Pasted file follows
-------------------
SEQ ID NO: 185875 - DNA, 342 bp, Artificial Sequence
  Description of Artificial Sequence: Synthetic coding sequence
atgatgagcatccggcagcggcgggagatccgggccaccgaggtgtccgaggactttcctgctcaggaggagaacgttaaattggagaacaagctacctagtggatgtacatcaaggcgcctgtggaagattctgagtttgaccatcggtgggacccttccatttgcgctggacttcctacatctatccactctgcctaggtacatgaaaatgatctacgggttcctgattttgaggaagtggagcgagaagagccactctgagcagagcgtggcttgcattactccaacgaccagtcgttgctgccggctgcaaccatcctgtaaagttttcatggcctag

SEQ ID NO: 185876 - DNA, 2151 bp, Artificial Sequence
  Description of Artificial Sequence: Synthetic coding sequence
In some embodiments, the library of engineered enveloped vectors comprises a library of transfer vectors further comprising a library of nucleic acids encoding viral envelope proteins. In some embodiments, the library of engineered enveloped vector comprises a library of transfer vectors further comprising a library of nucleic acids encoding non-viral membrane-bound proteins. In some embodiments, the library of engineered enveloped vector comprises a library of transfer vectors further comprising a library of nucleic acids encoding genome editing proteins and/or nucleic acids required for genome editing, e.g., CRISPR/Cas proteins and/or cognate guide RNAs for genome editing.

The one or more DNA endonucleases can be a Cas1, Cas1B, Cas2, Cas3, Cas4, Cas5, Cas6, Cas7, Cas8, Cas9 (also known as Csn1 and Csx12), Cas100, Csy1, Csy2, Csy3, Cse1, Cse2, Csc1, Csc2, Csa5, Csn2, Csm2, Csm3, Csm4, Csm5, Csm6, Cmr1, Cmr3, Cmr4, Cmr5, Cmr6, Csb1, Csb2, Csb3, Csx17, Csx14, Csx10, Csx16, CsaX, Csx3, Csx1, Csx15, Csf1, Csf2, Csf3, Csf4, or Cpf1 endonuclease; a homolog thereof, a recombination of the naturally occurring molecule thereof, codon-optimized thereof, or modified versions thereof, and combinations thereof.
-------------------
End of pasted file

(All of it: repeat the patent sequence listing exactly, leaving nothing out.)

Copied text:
SEQ ID NO: 185875 - DNA, 342 bp, Artificial Sequence
  Description of Artificial Sequence: Synthetic coding sequence
atgatgagcatccggcagcggcgggagatccgggccaccgaggtgtccgaggactttcctgctcaggaggagaacgttaaattggagaacaagctacctagtggatgtacatcaaggcgcctgtggaagattctgagtttgaccatcggtgggacccttccatttgcgctggacttcctacatctatccactctgcctaggtacatgaaaatgatctacgggttcctgattttgaggaagtggagcgagaagagccactctgagcagagcgtggcttgcattactccaacgaccagtcgttgctgccggctgcaaccatcctgtaaagttttcatggcctag

SEQ ID NO: 185876 - DNA, 2151 bp, Artificial Sequence
  Description of Artificial Sequence: Synthetic coding sequence
In some embodiments, the library of engineered enveloped vectors comprises a library of transfer vectors further comprising a library of nucleic acids encoding viral envelope proteins. In some embodiments, the library of engineered enveloped vector comprises a library of transfer vectors further comprising a library of nucleic acids encoding non-viral membrane-bound proteins. In some embodiments, the library of engineered enveloped vector comprises a library of transfer vectors further comprising a library of nucleic acids encoding genome editing proteins and/or nucleic acids required for genome editing, e.g., CRISPR/Cas proteins and/or cognate guide RNAs for genome editing.

The one or more DNA endonucleases can be a Cas1, Cas1B, Cas2, Cas3, Cas4, Cas5, Cas6, Cas7, Cas8, Cas9 (also known as Csn1 and Csx12), Cas100, Csy1, Csy2, Csy3, Cse1, Cse2, Csc1, Csc2, Csa5, Csn2, Csm2, Csm3, Csm4, Csm5, Csm6, Cmr1, Cmr3, Cmr4, Cmr5, Cmr6, Csb1, Csb2, Csb3, Csx17, Csx14, Csx10, Csx16, CsaX, Csx3, Csx1, Csx15, Csf1, Csf2, Csf3, Csf4, or Cpf1 endonuclease; a homolog thereof, a recombination of the naturally occurring molecule thereof, codon-optimized thereof, or modified versions thereof, and combinations thereof.